- Evaluation of the paromomycin loading characteristics in nanoprecipitated PLGA nanospheres
S. Kalimouttou, M. Lahiani-Skiba, N. Naouli, V.S. LIN, M. Skiba, Université de Rouen, FR
- Preparation And Evaluation Of In Vitro Release Of Amphiphilic _-Cyclodextrin Or Pla Nanospheres Containing A Hydrophobic Drug
S. Lin, M. Lahiani-Skiba, N. Naouli, M. Skiba, Université de Rouen, FR
- Step and Flash Imprint Lithography for the Fabrication of Shape-specific, Enzymatically-triggered, Drug Nanocarriers
M. Caldorera-Moore, L.C. Glangchai, L. Shi, K. Roy, The University of Texas at Austin, US
- Layer-By-Layer Formation of Polymer Micro Capsules for Drug Delivery Application
A. Manju, K. Sreenivasan, Sree Chiotra Tirunal Institute for Medical Sciences and Technology, IN
- DNA-Associated Single-walled Carbon Nanotubes as a Platform for Drug Delivery
B.D. Dolash, R.R. Lahiji, D.Y. Zemlyanov, R. Reifenberger, D.E. Bergstrom, Purdue University, US
- Manufacture and in vitro efficacy of lymphoma-targeted doxorubicin-loaded PLGA nanoparticles
J. Lu, M. Nkansah, J. Park, P.M. Fong, Carigent Therapeutics, Inc., US
- High Fidelity Hompolymer Sequencing
S. Goel, P. Griffin, R.W. Davis, M. Ronaghi, Stanford University, US
- Studies of conformational changes induced in a carrier protein: Bovine serum albumin
N. El Kadi, N. Taulier, W. Urbach, M. Waks, Paris V, FR
- Real-time Detection and Quantitation of siRNAs in vivo
A. Cheng, Y. Liang, A. Vlassov, M. Li, Y. Wang, L. Wong, C. Chen, S. Magdaleno, Ambion Inc., An Applied Biosytems Business, US
- Nanoscale Aspects of Pharmaceutical Materials
Y. Yang, P. Schields, L. Brostrom, P. Tishmack, R. McClurg, I. Ivanisevic, S. Bates, J-O. Henck, D. Engers, SSCI, An Aptuit Company, US
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Merck Innovation Symposium: siRNA DeliveryExhibit Hall C
- Labile Catalytic Packaging and Delivering of Short Interference RNA to Cancer Cells: Control of Gold Nanoparticles “out” of RNA Complexes
A.M. Chen, O. Taratula, D. Wei, T. Minko, H. He, Rutgers, The State of New Jersey, US
- In vitro transfection efficiency of chitosan nanoparticles for gene delivery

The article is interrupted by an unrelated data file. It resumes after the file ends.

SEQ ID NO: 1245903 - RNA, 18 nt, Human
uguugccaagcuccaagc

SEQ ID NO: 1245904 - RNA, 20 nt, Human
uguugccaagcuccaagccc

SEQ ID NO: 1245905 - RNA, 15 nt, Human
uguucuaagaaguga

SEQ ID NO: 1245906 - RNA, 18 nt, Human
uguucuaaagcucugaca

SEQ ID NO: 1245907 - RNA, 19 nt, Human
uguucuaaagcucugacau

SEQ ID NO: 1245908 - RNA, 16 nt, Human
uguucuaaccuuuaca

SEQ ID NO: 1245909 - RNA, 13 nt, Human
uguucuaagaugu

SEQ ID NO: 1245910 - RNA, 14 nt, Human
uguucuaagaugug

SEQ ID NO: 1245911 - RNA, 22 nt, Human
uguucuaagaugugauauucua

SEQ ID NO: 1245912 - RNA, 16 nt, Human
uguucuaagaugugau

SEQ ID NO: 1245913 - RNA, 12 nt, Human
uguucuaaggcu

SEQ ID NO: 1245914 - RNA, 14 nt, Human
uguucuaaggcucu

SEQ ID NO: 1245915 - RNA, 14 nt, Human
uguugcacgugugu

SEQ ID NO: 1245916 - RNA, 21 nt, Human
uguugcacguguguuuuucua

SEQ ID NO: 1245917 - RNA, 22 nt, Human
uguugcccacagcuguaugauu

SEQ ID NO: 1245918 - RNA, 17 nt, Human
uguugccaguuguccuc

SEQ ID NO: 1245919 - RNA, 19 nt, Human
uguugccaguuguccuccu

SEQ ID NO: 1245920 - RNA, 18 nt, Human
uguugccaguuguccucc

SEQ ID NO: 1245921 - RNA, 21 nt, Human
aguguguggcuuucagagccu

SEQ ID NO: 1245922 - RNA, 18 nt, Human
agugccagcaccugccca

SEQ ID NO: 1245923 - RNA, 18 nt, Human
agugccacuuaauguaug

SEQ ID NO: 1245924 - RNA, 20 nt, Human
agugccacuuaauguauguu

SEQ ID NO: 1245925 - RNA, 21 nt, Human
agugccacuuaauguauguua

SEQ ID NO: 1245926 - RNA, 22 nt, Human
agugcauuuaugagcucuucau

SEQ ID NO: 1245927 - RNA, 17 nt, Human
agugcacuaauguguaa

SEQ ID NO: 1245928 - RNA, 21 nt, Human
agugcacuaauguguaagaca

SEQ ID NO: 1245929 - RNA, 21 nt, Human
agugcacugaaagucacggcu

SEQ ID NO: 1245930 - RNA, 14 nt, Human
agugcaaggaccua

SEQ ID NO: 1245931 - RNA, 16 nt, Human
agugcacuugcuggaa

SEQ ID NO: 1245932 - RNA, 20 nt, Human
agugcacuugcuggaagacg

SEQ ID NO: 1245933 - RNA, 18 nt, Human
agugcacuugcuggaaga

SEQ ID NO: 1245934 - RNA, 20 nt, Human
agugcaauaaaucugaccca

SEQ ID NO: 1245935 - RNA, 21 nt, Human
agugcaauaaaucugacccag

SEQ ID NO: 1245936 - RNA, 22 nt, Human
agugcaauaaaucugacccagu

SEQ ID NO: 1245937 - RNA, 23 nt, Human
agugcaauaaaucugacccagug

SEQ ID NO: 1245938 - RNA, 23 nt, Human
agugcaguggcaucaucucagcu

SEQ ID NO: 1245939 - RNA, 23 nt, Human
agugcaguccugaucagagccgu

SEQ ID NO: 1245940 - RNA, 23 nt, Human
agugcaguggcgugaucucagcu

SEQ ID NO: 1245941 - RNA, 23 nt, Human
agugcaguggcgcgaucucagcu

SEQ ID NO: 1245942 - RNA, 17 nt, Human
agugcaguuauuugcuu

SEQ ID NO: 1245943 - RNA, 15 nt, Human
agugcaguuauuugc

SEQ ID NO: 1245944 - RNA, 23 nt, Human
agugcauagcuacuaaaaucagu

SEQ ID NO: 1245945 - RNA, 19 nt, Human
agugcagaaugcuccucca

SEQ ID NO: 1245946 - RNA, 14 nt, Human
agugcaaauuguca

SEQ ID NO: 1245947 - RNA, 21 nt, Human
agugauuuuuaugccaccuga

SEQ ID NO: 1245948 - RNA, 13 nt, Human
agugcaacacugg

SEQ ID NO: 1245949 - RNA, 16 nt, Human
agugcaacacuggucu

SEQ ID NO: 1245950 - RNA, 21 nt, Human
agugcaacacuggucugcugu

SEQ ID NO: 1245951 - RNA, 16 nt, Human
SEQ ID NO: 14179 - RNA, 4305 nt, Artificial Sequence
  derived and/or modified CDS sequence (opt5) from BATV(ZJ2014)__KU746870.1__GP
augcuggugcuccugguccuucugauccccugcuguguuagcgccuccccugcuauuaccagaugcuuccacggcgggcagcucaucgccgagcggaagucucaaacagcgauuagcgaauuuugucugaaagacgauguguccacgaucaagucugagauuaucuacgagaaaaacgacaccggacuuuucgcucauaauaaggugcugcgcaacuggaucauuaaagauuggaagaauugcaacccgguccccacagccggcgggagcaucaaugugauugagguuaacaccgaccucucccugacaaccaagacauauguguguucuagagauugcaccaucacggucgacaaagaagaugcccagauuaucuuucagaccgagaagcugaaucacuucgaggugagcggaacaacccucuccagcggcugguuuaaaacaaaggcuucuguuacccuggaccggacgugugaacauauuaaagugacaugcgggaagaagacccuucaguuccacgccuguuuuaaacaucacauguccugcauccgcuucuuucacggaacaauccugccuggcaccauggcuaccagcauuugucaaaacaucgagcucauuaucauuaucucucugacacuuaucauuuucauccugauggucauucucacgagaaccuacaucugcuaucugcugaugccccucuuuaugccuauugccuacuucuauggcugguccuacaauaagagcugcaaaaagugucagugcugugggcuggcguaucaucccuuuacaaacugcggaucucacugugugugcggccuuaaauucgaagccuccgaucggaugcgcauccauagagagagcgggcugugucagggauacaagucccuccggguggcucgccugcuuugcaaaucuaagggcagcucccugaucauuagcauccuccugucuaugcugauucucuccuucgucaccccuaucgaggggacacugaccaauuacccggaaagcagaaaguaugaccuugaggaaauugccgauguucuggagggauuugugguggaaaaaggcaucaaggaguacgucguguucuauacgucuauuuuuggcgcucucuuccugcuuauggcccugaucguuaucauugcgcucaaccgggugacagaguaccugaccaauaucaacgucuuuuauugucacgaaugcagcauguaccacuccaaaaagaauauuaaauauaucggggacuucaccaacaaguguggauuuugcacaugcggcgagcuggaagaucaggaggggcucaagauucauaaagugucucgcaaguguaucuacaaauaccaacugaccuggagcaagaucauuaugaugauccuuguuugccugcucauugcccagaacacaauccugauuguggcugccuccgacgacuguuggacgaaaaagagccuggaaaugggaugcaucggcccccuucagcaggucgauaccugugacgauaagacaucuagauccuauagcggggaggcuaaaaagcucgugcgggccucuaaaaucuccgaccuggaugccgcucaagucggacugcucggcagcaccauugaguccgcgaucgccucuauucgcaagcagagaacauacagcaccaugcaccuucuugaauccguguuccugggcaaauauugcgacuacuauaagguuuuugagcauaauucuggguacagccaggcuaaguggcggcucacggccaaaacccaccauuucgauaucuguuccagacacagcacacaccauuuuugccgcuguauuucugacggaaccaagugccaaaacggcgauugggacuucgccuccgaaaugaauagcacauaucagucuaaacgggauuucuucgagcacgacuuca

M. Malhotra, A. Kulamarva, S. Sebak, J. Bhathena, S. Prakash, McGill University, CA
- Toward in vivo Targeting Delivery of siRNA for Efficient Cancer Therapy
O. Taratula, P. Kirkpatrick, R. Salva, I. Pandya, T. Minko, H. He, Rutgers-Newark University, US
- SiRNA for Therapeutic Immuno-modulation: Simultaneous Delivery of Cytokine-targeted SiRNA and DNA Antigens to Dendritic Cells using Polymer Microcarriers
A. Singh, H. Nie, B. Ghosn, K. Roy, The University of Texas at Austin, US
- Multilayered ABCD Nanoparticles for siRNA delivery
M. Thanou, A. Miller, Imperial College London, UK
- Delivery systems for enhanced siRNA delivery
A-L. Bolcato-Bellemin, M-E. Bonnet, J-P. Behr, P. Erbacher, Polyplus-transfection, FR
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Phage NanobiotechnologyExhibit Hall C
- Phage microarray
K.A. Vaglenov, S.N. Ustinov, G.A. Kuzmicheva, V.A. Petrenko, Auburn University, US
- Modulating affinity of landscape phage nanoparticles by mutagenesis of the major coat protein
G.A. Kuzmicheva, A.M. Eroshkin, V.A. Potemkin, V.A. Petrenko, Auburn University, US
- Landscape phage libraries as a source of bioselective nanomaterials
G.A. Kuzmicheva, I.B. Sorokulova, P.K. Jayanna, V.A. Petrenko, Auburn University, US
- Directed Evolution of Bone Associated Protein Through Phage Display
S.-W. Lee, University of California, Berkeley, US
- Engineering of bacteriophages displaying affinity tags on its head for biosensor applications
M. Tolba, L.Y. Brovko and M.W. Griffiths, University of Guelph, CA
- Engineering hybrid nanostructures with phage particles